Elasticity of Scale: Can Your Cloud Security Keep Up?

Nov 20, 2019
3 minutes

As you move your security to the cloud, your users benefit from uniform security and improved experience, but one consideration is consistent with traditional security methods. Capacity planning is critical for both on-premises and cloud security solutions to prevent slow downs or disruptions to your business. 

As time passes, your user count will typically increase as well as the bandwidth requirements of their devices and applications. 5G wireless technology will create a new generation of always-on, connected mobile users, with high expectations for experience and performance. Additionally, more applications are moving to the cloud, with ever increasing complexity and performance requirements. Your cloud security will almost certainly need to scale up to address these increases. If your cloud security vendor has to rack and stack boxes in order to do this, are they really cloud?

We all know the time and complexity involved in adding resources to co-located data centers. It can take months or even years to add capacity, refresh aging equipment or expand to new locations, especially when specialized hardware and software is involved. For example, if electric companies had to rack and stack individual generators in order to scale their capacity, two things would happen: First, the cost of electricity would increase drastically. Second, the reliability of service delivery would severely degrade.

The same can be said for your security vendor, and despite what might be said in the sales pitch, every company is limited by real-world factors. If your vendor has not built a truly elastic solution, your business will suffer. Be sure to select a cloud environment that has the scale and efficiency to deliver a reliable security experience to users across the globe.

Some things to consider and ask when selecting your vendor:

  • Can the vendor dynamically auto-scale? What is the timeline to double capacity in the geographic regions that matter to my business?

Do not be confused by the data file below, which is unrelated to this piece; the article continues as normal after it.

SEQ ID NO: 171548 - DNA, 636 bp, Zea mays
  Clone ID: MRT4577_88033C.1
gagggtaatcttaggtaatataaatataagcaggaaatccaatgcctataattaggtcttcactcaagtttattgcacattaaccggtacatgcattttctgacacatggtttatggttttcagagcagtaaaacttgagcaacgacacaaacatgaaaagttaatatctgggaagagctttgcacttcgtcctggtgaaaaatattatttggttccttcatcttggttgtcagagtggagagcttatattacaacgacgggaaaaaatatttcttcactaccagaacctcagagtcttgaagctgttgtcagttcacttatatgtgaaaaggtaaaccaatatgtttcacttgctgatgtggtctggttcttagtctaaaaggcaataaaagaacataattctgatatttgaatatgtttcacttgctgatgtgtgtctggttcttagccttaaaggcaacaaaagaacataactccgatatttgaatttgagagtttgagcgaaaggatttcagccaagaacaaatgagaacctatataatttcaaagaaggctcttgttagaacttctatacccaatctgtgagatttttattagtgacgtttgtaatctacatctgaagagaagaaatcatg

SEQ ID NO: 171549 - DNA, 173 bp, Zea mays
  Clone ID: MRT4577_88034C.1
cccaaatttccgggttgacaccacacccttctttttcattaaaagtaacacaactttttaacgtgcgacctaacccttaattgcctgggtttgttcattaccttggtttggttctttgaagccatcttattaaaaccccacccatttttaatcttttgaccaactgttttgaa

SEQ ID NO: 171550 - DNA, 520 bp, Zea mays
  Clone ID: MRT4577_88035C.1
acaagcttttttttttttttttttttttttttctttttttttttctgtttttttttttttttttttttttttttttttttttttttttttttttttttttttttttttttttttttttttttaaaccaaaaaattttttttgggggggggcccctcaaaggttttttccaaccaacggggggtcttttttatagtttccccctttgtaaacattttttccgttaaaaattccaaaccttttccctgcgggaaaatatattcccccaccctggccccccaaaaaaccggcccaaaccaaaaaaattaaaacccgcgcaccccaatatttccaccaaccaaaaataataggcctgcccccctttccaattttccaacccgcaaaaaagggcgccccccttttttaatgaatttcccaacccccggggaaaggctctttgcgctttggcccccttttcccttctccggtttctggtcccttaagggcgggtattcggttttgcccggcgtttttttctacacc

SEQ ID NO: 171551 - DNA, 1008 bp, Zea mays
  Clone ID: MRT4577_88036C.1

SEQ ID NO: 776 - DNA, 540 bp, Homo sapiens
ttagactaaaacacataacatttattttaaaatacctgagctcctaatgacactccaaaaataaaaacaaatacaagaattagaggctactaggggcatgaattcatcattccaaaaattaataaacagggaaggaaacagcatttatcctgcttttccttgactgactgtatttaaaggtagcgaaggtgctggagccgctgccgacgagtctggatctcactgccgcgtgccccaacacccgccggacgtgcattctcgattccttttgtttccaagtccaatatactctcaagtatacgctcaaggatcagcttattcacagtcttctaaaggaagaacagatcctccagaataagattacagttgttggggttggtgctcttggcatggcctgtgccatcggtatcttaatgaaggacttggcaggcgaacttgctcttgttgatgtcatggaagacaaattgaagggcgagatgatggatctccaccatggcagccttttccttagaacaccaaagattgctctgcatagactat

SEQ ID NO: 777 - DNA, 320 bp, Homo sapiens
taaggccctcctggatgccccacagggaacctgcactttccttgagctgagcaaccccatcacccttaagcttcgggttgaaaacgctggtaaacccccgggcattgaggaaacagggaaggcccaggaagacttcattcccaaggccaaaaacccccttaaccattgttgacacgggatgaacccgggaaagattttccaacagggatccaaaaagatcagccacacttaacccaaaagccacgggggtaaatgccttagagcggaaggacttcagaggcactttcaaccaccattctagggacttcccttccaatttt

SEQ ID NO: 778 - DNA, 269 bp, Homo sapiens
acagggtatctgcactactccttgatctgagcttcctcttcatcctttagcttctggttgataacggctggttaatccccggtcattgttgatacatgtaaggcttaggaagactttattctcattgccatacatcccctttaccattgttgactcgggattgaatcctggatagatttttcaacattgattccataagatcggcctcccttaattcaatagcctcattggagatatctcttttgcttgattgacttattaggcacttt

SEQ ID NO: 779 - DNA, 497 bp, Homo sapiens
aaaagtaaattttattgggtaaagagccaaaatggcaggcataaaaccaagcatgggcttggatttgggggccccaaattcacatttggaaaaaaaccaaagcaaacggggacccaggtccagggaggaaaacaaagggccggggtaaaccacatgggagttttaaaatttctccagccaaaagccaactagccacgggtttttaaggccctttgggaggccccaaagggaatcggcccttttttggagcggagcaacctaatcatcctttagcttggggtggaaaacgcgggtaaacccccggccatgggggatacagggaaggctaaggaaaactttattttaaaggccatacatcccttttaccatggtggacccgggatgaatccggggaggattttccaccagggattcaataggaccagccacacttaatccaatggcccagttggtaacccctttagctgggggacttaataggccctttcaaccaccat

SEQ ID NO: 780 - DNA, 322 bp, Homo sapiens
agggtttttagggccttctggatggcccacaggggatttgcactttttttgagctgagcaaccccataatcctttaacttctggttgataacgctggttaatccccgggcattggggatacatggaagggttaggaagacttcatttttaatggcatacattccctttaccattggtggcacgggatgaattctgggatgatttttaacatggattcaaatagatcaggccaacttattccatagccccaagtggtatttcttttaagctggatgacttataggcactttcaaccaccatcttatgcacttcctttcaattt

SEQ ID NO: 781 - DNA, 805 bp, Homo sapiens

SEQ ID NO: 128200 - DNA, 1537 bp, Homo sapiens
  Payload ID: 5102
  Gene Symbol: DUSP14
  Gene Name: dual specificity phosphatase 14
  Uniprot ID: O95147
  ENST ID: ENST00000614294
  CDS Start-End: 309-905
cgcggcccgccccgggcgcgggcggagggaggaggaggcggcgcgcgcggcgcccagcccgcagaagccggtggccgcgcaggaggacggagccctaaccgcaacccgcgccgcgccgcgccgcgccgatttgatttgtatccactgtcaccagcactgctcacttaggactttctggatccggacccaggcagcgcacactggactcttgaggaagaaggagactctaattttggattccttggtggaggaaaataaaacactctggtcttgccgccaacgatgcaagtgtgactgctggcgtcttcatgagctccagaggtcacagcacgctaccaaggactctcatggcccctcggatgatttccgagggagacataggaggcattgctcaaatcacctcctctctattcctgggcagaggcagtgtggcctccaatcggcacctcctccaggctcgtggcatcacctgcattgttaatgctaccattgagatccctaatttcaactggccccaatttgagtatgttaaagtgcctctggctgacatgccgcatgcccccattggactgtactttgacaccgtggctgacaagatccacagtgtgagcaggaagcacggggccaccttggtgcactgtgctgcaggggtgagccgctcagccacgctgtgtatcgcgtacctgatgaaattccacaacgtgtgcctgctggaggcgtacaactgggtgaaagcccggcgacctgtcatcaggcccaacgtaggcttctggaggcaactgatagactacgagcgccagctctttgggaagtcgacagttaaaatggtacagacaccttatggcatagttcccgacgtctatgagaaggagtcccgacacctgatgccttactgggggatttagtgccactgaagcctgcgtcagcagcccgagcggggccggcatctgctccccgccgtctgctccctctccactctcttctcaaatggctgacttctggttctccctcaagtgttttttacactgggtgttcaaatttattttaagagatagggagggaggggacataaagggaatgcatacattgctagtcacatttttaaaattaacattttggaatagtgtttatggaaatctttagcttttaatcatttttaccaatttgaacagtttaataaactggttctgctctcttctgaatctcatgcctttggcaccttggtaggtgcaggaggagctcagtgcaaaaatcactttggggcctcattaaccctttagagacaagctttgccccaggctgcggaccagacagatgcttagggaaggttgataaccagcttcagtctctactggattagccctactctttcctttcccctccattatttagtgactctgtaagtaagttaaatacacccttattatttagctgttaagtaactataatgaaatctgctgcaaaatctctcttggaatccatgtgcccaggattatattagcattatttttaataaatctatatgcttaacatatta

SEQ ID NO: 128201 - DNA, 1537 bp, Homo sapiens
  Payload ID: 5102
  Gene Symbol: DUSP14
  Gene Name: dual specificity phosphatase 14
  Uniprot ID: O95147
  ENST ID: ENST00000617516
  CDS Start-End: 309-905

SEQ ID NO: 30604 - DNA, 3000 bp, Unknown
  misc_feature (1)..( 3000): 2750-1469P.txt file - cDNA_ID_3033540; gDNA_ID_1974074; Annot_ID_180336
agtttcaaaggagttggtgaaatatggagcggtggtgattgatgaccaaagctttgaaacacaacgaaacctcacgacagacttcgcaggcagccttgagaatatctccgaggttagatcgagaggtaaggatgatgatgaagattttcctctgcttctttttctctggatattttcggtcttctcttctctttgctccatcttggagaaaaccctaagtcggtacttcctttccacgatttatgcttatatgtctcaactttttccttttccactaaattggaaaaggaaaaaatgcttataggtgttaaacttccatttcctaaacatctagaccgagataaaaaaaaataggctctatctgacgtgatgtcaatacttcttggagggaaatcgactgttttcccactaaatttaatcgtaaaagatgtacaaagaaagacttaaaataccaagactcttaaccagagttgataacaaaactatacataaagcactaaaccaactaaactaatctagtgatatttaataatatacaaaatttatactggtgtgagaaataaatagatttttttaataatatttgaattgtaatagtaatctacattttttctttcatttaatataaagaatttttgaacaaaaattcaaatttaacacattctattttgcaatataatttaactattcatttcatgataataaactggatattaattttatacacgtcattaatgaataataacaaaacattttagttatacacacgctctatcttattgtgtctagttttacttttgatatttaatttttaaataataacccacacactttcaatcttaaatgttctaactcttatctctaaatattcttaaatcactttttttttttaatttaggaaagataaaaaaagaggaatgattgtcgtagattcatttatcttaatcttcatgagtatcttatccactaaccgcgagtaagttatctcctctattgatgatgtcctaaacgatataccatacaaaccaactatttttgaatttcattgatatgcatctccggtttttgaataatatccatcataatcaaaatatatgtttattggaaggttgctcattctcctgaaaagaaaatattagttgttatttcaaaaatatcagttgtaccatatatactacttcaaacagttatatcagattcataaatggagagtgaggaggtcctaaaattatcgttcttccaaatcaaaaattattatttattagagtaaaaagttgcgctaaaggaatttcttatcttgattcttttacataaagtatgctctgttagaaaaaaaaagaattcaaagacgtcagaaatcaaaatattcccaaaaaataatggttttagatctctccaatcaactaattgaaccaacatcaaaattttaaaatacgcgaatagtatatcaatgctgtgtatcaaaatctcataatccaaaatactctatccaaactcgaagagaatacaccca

• How often has the vendor forced customers to fail-over their traffic to a different region or datacenter due to a performance related issue?
  • Can traffic from other companies impact the performance of my business traffic? What happens if a large customer is onboarded in my region?
  • Is my vendor dependent on specialized hardware offload cards in order to perform SSL inspection?
  • Regardless of how many points of presence the vendor advertises, how many are accessible and usable by my organization? Do any carry additional surcharges?
  • Will my vendor be able to accommodate my bandwidth requirements as my locations gain access to faster broadband links?
  • Can I use dedicated IP addresses or will my traffic egress from IP addresses shared by other customers?

Strides have been made in technology in the past few years, but we are just arriving at the advent of the Internet age. According to the Global Digital Report 2019 from the London media company We Are Social, only 57% of the world’s population currently uses the Internet in some capacity. That percentage seems bound to rise. As technology accelerates and accessibility increases, customers and vendors alike must be as agile as possible to meet demand. Not every business will survive in a cloud-first world. Will yours?

Learn more about protecting your headquarters, data centers, branch offices and mobile users as you journey to the cloud.

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